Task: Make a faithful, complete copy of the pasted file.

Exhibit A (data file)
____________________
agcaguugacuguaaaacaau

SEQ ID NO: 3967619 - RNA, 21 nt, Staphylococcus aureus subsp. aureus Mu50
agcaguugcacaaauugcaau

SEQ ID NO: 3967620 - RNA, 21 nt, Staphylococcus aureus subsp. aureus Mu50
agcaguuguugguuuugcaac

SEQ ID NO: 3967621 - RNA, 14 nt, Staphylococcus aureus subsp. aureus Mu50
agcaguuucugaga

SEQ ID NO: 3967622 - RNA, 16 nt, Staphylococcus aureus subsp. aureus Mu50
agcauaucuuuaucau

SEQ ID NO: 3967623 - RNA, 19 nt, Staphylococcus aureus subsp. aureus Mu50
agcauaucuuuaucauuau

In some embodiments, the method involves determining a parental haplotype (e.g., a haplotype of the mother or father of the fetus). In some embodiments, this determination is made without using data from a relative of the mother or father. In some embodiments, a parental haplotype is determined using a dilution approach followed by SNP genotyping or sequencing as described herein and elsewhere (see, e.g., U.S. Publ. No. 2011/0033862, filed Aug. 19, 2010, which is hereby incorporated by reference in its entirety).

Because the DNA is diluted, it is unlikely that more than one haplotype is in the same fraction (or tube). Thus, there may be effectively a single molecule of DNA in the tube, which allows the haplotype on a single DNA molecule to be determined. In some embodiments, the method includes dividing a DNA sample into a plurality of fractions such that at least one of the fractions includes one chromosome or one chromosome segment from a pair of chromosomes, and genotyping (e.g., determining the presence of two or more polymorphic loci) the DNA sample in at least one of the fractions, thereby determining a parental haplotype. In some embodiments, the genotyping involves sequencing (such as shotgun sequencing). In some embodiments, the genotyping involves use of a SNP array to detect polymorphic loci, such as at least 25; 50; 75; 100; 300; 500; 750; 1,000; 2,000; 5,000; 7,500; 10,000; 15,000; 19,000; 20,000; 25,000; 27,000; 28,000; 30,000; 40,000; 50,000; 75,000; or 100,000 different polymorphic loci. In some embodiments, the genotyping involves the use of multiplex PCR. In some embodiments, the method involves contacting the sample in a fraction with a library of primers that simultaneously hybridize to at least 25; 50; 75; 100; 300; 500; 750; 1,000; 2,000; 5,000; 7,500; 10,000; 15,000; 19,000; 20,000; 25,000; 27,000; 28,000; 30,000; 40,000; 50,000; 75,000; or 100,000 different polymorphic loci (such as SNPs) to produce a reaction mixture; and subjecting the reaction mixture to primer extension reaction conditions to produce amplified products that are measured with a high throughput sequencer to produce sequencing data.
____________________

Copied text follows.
agcaguugacuguaaaacaau

SEQ ID NO: 3967619 - RNA, 21 nt, Staphylococcus aureus subsp. aureus Mu50
agcaguugcacaaauugcaau

SEQ ID NO: 3967620 - RNA, 21 nt, Staphylococcus aureus subsp. aureus Mu50
agcaguuguugguuuugcaac

SEQ ID NO: 3967621 - RNA, 14 nt, Staphylococcus aureus subsp. aureus Mu50
agcaguuucugaga

SEQ ID NO: 3967622 - RNA, 16 nt, Staphylococcus aureus subsp. aureus Mu50
agcauaucuuuaucau

SEQ ID NO: 3967623 - RNA, 19 nt, Staphylococcus aureus subsp. aureus Mu50
agcauaucuuuaucauuau

In some embodiments, the method involves determining a parental haplotype (e.g., a haplotype of the mother or father of the fetus). In some embodiments, this determination is made without using data from a relative of the mother or father. In some embodiments, a parental haplotype is determined using a dilution approach followed by SNP genotyping or sequencing as described herein and elsewhere (see, e.g., U.S. Publ. No. 2011/0033862, filed Aug. 19, 2010, which is hereby incorporated by reference in its entirety).

Because the DNA is diluted, it is unlikely that more than one haplotype is in the same fraction (or tube). Thus, there may be effectively a single molecule of DNA in the tube, which allows the haplotype on a single DNA molecule to be determined. In some embodiments, the method includes dividing a DNA sample into a plurality of fractions such that at least one of the fractions includes one chromosome or one chromosome segment from a pair of chromosomes, and genotyping (e.g., determining the presence of two or more polymorphic loci) the DNA sample in at least one of the fractions, thereby determining a parental haplotype. In some embodiments, the genotyping involves sequencing (such as shotgun sequencing). In some embodiments, the genotyping involves use of a SNP array to detect polymorphic loci, such as at least 25; 50; 75; 100; 300; 500; 750; 1,000; 2,000; 5,000; 7,500; 10,000; 15,000; 19,000; 20,000; 25,000; 27,000; 28,000; 30,000; 40,000; 50,000; 75,000; or 100,000 different polymorphic loci. In some embodiments, the genotyping involves the use of multiplex PCR. In some embodiments, the method involves contacting the sample in a fraction with a library of primers that simultaneously hybridize to at least 25; 50; 75; 100; 300; 500; 750; 1,000; 2,000; 5,000; 7,500; 10,000; 15,000; 19,000; 20,000; 25,000; 27,000; 28,000; 30,000; 40,000; 50,000; 75,000; or 100,000 different polymorphic loci (such as SNPs) to produce a reaction mixture; and subjecting the reaction mixture to primer extension reaction conditions to produce amplified products that are measured with a high throughput sequencer to produce sequencing data.